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Rated: E · Short Story · Death · #1592597
The last moments of a dying man's life.
The strangest thing happened to me one night, something I will never be able to forget. The thoughts of it send chills down my spine and force me to question much of what I know and believe.

My grandfather and I had always been close. Always. He'd been there and taught me much of what I know. I didn't come from a broken home like many people. I didn't live with him, but it always felt like I did. I was there constantly, listening to him and what he had to say. I enjoyed how he sounded. His voice wasn't very deep, but you could hear the years in it, the wisdom it carried with it. He was a tall man, his large hands always picking me up when I ran to hug him. He never failed either. He would throw me up in the air and catch me on the way down.

As I got older, he taught me more and more. He taught me the art of hunting, teaching me patience, showing me the beauties of the Earth as we waited for something to appear, many times returning home with only the visions of the world around us.

When he was diagnosed with cancer, it tore my whole world apart. I was sixteen at the time and knew nothing of what was to come. I'd never been around death, never seen it first hand, never even been to a funeral at the time. I'd never seen someone fall from a disease that wouldn't claim their life, but wouldn't allow them to live either. It was a disheartening and disgusting display for me, one that made me cry on several occasions.

It happened on his last night. He'd been reduced to nothing, nothing more than a vegetable lying in our guest room. When he'd taken a turn for the worst, my mother demanded he be taken out of the hospital so he could die in our home, with family surrounding him. She couldn't stand the thoughts of him laying there in a hospital bed, surrounded by cold walls and strangers, and his heart stopping, the nurses and orderlies writing it off as just another one gone.

He was very talkative that night, restless and dazed at the same time. I left my room to go sit with and comfort him. I was seventeen then, still living at home while I attended night school. I went into his room. The hall had been quiet, the only sounds being the creaking of the floors as I walked towards the door. Inside his room were the sounds of him, his oxygen, the bed making a rattling sound from him trying to get up. He couldn't do that because he had no strength left in him, but he continued to try.

“Are you okay, Papaw?” I asked him soothingly.

“What am I doing here?” he asked me. “Why are you just sitting there?” I sat down beside him.

“You don't feel well, Papaw,” I said in a loving manner. “You live here with us now.”

“I've got to get up. I've things I gotta do.”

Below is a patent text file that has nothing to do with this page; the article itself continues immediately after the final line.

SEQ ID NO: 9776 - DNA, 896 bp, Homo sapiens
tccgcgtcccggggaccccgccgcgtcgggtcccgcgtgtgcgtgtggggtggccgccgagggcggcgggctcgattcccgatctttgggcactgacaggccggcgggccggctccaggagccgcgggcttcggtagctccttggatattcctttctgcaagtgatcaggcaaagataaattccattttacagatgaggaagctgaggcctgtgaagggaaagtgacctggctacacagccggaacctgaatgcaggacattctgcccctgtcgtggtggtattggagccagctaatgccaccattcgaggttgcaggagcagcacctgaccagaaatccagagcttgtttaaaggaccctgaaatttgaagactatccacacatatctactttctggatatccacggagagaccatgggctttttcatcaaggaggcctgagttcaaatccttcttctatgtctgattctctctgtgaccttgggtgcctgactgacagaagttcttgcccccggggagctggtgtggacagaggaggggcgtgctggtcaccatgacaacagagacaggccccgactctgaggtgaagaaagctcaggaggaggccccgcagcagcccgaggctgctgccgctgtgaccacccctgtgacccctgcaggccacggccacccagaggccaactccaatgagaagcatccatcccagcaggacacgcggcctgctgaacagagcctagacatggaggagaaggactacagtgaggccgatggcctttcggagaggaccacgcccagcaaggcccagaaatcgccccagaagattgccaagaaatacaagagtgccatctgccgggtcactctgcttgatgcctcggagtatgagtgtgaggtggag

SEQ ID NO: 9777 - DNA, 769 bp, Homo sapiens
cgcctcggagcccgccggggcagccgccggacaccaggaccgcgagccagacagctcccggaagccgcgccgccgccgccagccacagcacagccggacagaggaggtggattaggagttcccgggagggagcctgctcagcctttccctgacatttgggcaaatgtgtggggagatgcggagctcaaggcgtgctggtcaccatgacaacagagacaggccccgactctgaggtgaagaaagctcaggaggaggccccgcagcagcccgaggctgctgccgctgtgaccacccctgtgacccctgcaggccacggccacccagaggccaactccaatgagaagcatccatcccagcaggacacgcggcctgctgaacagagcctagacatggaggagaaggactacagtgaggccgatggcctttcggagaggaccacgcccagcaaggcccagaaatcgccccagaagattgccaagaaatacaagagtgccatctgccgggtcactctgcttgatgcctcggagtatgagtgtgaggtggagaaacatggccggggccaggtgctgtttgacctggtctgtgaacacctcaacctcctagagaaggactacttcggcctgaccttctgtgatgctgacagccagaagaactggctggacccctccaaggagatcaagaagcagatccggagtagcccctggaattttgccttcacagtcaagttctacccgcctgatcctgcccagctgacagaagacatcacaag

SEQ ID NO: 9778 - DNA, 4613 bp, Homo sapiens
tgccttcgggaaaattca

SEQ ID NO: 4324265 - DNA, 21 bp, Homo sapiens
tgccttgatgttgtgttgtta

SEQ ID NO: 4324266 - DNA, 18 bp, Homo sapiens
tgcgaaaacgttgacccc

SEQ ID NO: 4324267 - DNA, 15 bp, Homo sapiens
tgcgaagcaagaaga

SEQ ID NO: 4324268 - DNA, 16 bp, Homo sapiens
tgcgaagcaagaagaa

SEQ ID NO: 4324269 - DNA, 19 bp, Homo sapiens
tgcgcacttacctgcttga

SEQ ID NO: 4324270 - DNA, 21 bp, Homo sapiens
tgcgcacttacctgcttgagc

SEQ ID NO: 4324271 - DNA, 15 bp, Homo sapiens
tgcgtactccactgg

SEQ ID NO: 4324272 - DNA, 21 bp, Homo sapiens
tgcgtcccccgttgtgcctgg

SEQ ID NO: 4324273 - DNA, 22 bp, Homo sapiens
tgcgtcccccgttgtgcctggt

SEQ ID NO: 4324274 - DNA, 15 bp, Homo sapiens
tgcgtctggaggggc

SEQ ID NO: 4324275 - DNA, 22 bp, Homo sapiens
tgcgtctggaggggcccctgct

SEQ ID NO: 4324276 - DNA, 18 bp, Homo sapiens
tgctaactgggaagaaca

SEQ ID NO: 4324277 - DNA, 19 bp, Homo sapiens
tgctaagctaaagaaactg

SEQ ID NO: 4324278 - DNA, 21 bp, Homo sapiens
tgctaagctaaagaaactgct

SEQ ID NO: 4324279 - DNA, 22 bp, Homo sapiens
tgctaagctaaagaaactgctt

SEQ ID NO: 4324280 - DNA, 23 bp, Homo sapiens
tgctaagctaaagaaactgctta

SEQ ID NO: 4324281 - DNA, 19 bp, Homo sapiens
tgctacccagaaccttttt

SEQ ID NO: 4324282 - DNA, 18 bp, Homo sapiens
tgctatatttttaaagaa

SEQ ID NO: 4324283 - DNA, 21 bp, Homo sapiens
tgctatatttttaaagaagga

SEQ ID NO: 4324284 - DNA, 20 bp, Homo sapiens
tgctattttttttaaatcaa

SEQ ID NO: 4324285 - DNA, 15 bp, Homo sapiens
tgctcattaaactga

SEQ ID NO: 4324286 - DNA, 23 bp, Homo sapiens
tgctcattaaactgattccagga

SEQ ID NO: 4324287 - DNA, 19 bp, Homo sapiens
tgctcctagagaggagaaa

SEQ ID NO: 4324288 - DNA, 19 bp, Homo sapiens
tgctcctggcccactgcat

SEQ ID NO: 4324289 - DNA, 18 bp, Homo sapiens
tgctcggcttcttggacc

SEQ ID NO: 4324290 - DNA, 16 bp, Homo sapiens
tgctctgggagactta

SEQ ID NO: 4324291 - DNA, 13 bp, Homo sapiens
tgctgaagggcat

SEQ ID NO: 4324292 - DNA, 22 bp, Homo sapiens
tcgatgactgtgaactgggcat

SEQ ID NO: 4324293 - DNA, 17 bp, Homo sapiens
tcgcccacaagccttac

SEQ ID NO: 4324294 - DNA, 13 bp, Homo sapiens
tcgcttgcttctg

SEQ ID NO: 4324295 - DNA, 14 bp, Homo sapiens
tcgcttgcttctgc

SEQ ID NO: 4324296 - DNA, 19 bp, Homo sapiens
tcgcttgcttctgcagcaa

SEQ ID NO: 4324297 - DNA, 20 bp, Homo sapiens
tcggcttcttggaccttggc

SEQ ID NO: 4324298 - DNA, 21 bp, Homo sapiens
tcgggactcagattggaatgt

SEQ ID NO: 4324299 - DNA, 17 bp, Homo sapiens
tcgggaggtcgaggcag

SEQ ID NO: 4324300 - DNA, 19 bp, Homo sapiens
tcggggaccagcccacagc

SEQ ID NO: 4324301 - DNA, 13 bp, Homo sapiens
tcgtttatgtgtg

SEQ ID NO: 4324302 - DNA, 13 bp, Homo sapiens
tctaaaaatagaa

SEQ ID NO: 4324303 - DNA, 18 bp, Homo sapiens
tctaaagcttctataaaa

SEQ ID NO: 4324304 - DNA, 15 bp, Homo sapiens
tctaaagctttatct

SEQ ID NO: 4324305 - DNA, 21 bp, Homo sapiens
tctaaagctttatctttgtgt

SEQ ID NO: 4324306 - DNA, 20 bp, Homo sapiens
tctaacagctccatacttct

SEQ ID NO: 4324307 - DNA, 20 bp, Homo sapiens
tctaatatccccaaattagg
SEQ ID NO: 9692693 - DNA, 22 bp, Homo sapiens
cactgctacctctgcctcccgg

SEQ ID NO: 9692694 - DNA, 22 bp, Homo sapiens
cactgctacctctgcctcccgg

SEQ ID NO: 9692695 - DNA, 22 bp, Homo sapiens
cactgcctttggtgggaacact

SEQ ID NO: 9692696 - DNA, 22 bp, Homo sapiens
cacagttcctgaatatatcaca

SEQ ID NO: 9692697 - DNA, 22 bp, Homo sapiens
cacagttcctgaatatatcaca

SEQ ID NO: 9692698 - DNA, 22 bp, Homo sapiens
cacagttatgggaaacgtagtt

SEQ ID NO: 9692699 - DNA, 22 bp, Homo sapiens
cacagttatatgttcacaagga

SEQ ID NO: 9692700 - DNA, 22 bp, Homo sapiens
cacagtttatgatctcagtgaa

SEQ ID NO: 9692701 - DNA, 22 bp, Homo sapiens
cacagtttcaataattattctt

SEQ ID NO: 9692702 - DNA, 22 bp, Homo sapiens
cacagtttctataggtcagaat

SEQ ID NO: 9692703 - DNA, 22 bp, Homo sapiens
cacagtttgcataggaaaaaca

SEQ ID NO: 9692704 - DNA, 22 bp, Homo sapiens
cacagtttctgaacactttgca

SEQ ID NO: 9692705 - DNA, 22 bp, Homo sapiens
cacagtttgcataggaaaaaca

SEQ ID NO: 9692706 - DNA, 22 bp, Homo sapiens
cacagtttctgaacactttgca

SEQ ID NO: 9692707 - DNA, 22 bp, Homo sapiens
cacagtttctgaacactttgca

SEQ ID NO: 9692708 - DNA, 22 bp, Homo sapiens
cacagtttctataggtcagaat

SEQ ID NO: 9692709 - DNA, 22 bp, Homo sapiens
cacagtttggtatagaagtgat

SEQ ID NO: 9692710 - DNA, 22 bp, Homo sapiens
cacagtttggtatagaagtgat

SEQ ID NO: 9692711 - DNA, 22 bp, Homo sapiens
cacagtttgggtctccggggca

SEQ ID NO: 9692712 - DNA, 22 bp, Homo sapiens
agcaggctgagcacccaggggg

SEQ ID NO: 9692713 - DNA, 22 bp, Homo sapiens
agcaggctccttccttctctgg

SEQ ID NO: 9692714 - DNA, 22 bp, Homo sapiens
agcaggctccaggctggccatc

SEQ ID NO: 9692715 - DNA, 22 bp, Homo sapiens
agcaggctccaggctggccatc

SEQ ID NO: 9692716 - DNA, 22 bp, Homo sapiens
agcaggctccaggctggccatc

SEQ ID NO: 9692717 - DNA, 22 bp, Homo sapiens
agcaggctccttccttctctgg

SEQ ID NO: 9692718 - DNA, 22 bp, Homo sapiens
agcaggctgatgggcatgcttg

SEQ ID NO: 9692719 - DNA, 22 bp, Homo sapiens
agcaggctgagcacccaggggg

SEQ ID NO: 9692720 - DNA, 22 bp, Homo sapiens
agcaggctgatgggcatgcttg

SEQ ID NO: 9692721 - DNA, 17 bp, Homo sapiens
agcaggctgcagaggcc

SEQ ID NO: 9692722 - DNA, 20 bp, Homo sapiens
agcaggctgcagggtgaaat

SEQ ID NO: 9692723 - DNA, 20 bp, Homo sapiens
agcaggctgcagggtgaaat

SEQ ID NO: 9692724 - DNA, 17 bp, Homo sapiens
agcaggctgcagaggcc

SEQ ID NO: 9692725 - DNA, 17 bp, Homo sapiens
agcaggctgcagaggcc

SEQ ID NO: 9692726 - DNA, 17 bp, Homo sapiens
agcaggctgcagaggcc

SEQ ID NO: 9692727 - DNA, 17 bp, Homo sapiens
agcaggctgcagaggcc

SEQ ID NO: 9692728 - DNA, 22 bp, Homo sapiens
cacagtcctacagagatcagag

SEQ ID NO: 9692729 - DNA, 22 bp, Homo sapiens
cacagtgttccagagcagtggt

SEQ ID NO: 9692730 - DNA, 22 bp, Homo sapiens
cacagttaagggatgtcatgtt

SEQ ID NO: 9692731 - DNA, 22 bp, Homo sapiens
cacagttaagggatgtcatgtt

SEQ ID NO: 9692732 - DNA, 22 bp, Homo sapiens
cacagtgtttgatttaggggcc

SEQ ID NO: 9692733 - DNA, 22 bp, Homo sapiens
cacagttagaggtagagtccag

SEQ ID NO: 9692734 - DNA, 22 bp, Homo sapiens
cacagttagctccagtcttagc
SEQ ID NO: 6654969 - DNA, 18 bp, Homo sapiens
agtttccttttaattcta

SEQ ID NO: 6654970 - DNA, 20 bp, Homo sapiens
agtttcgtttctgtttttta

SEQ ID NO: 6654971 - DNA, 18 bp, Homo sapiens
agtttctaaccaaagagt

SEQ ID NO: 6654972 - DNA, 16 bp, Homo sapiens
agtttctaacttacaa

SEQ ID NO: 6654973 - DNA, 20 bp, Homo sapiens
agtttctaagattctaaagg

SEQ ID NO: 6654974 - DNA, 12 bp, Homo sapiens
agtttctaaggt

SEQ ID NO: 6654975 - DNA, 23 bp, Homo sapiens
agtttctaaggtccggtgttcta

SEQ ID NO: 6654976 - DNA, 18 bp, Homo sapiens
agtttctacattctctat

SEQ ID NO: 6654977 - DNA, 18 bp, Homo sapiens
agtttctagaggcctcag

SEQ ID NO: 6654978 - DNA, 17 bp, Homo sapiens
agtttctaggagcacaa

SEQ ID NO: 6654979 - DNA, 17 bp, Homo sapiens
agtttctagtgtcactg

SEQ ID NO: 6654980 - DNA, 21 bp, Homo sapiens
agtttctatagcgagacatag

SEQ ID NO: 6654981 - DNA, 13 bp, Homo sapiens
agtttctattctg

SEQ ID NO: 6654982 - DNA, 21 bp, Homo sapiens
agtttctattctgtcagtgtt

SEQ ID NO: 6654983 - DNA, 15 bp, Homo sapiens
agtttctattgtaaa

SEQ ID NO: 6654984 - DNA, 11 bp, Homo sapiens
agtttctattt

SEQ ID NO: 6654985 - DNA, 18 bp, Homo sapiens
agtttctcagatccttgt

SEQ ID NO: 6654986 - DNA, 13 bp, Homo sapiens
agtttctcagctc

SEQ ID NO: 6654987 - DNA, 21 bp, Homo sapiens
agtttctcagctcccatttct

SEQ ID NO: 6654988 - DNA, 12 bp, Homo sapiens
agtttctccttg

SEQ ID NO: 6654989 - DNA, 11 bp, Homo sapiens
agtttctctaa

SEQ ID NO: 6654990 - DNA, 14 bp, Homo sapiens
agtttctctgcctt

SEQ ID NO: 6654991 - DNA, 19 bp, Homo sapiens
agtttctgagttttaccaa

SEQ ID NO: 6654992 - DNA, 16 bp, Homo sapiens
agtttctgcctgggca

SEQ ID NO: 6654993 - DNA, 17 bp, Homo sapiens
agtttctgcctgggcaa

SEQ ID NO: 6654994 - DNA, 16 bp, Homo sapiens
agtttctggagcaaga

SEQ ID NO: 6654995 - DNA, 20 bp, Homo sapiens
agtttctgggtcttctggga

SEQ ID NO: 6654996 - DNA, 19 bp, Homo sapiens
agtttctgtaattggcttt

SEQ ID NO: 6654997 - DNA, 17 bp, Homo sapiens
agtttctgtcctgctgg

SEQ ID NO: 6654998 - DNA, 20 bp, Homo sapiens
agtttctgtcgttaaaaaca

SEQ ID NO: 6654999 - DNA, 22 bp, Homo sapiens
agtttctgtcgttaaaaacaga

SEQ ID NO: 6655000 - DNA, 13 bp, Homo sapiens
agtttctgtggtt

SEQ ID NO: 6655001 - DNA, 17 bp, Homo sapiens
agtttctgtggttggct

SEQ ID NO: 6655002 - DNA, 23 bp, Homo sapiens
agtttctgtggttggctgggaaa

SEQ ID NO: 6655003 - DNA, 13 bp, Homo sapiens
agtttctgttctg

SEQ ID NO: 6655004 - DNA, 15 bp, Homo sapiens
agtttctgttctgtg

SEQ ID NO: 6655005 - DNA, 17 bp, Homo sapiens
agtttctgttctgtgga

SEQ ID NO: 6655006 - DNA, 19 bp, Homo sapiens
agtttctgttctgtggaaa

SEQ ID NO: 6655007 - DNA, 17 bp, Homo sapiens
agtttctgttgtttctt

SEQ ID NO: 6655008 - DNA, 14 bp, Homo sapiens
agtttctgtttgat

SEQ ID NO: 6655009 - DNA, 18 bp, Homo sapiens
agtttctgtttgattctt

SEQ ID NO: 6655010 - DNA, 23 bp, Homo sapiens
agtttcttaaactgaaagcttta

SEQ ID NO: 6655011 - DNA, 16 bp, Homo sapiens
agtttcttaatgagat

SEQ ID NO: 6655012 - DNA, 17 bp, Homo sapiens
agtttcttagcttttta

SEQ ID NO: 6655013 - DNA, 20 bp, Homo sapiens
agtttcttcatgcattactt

“You don't have enough strength. You need to rest.”

“I can't rest,” he said. “There's not enough time.”

I felt his head, it was piping hot. I couldn't tell how high, but I knew he was running a fever. His body was sweaty. The poor man had been reduced to so little, a man who once carried himself with great pride and dignity. I held both of his hands.

“It's okay, Papaw,” I said. “It's okay. You don't have to worry, it's okay.” He stopped talking and stared at the ceiling. He looked at me and gave a curious smile. He looked down and saw my hands holding his and gave a slight squeeze. He barely had enough strength to do that.

When he left, it was an eerie feeling. I was there. I was sitting next to him holding his hands. I'd stroked his face to get the hair out of his eyes. I'd been there the whole time, but he was gone. There was only the sound of his oxygen machine pumping.

It was that moment and those feelings that send chills down my spine. There I was, a young man of only twenty, and I had ushered my Papaw out of this world and into another. I'd held his hands as he came to peace with all that was. His hands were still warm, but their grip was gone. He simply looked like he was asleep, his oxygen still pumping through his nose. I didn't know what to do or how to respond. I just sat there.

Everything came rushing back to me at once. All the things we'd done while I was growing up, the places he'd taken me, the things he'd shown me, the advice he'd given me on so many things, things I couldn't even go to my parents about. I realized the memories were now all I had of him. There would be things that would be passed around the family, but that was the only thing that was truly mine. It gave me a new feeling; a strange one I'd never experienced. I laid his hands down on his bed and stood up. His lifeless body was before me. But there seemed to be some sort of glow about him. I've never had any opinions on the afterlife or lack there of. It didn't matter to me, but wherever he was, I could tell it made him happy. I knew his time had come, and I knew it was for the better. He didn't want to be like this, and I was glad to know he was okay now. As the tears formed in my eyes, a smile showed, then slowly faded away.
© Copyright 2009 Joel Cobbs (jncobbs at Writing.Com). All rights reserved.
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